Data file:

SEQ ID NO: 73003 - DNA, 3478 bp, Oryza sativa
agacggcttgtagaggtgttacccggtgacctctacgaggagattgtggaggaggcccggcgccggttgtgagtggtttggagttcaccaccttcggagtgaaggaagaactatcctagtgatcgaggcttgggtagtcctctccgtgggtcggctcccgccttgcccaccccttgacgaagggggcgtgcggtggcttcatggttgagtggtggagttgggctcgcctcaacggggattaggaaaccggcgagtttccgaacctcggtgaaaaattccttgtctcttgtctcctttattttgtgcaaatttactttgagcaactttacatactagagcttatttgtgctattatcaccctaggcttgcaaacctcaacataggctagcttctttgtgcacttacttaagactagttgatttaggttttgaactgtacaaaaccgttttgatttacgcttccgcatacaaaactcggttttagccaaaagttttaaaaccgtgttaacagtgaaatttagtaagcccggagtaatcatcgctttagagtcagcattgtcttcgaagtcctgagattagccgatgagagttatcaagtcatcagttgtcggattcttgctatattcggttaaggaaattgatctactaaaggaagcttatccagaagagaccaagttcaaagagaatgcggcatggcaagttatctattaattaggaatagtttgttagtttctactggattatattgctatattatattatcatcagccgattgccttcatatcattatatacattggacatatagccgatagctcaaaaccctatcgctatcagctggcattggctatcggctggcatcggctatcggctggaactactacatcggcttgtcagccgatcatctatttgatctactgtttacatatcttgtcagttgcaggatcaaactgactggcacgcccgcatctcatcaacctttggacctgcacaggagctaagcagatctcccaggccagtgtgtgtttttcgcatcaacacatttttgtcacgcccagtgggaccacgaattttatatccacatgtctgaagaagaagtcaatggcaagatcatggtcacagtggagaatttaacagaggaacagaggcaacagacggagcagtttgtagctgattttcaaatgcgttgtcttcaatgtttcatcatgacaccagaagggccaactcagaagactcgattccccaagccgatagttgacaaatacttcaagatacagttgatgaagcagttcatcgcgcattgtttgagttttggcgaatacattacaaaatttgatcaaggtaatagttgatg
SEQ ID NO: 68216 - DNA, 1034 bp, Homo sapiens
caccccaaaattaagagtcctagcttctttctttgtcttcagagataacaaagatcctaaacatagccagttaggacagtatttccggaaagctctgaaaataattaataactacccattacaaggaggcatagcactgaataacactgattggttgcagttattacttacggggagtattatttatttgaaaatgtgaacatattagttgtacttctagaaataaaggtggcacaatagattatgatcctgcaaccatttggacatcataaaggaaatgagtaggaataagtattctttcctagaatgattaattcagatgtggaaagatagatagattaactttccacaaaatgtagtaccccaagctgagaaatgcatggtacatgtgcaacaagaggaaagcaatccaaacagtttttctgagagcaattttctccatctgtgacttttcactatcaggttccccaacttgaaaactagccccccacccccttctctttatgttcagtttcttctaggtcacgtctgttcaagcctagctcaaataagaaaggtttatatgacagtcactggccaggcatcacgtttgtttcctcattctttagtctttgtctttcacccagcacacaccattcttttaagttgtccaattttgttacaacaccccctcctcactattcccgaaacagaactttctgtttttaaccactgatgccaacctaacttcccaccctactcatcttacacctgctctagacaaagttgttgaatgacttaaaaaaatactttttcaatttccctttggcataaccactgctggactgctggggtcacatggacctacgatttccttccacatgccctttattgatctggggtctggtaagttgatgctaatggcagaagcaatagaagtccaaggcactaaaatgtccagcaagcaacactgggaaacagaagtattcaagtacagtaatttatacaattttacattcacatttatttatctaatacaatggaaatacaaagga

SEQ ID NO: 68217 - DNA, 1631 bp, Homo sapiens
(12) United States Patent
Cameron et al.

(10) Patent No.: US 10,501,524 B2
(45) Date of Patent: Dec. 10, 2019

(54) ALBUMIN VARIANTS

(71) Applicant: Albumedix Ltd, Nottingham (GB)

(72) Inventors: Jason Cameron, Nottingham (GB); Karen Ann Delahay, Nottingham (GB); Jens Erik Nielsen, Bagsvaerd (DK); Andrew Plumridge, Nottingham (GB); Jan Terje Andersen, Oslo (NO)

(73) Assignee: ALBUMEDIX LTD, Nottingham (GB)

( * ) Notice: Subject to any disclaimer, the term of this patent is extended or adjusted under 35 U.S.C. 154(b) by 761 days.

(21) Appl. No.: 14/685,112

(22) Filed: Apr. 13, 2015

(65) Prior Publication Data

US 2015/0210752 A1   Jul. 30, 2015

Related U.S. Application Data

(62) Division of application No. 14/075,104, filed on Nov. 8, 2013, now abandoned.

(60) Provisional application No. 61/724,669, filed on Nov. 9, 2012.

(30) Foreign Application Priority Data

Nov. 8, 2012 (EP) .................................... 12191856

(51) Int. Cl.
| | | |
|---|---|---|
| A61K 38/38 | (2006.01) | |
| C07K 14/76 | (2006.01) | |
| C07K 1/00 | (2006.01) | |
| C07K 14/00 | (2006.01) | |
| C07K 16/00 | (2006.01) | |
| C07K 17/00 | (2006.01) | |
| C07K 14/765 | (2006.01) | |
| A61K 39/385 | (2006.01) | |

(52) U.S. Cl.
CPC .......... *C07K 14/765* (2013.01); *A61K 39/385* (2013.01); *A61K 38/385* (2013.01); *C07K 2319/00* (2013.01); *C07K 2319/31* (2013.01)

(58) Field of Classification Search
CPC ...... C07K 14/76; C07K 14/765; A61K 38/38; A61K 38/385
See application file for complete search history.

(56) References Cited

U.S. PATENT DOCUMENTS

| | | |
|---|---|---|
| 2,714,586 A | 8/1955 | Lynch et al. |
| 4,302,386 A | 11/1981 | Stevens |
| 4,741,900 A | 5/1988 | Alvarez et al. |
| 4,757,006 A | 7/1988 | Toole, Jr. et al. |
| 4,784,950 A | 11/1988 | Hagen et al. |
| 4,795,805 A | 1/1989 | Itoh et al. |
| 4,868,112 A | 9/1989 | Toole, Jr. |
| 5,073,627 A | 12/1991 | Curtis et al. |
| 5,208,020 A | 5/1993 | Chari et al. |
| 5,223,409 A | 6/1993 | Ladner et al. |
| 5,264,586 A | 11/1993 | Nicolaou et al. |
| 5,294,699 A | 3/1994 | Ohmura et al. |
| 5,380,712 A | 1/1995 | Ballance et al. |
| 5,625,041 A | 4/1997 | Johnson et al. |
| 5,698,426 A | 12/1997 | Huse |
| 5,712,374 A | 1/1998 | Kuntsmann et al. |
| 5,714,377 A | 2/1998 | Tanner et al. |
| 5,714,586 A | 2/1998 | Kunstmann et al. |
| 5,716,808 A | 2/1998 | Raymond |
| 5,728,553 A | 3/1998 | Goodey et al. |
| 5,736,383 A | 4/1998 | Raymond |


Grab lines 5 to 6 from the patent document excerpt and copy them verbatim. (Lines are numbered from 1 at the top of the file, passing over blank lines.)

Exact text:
SEQ ID NO: 68217 - DNA, 1631 bp, Homo sapiens
(12) United States Patent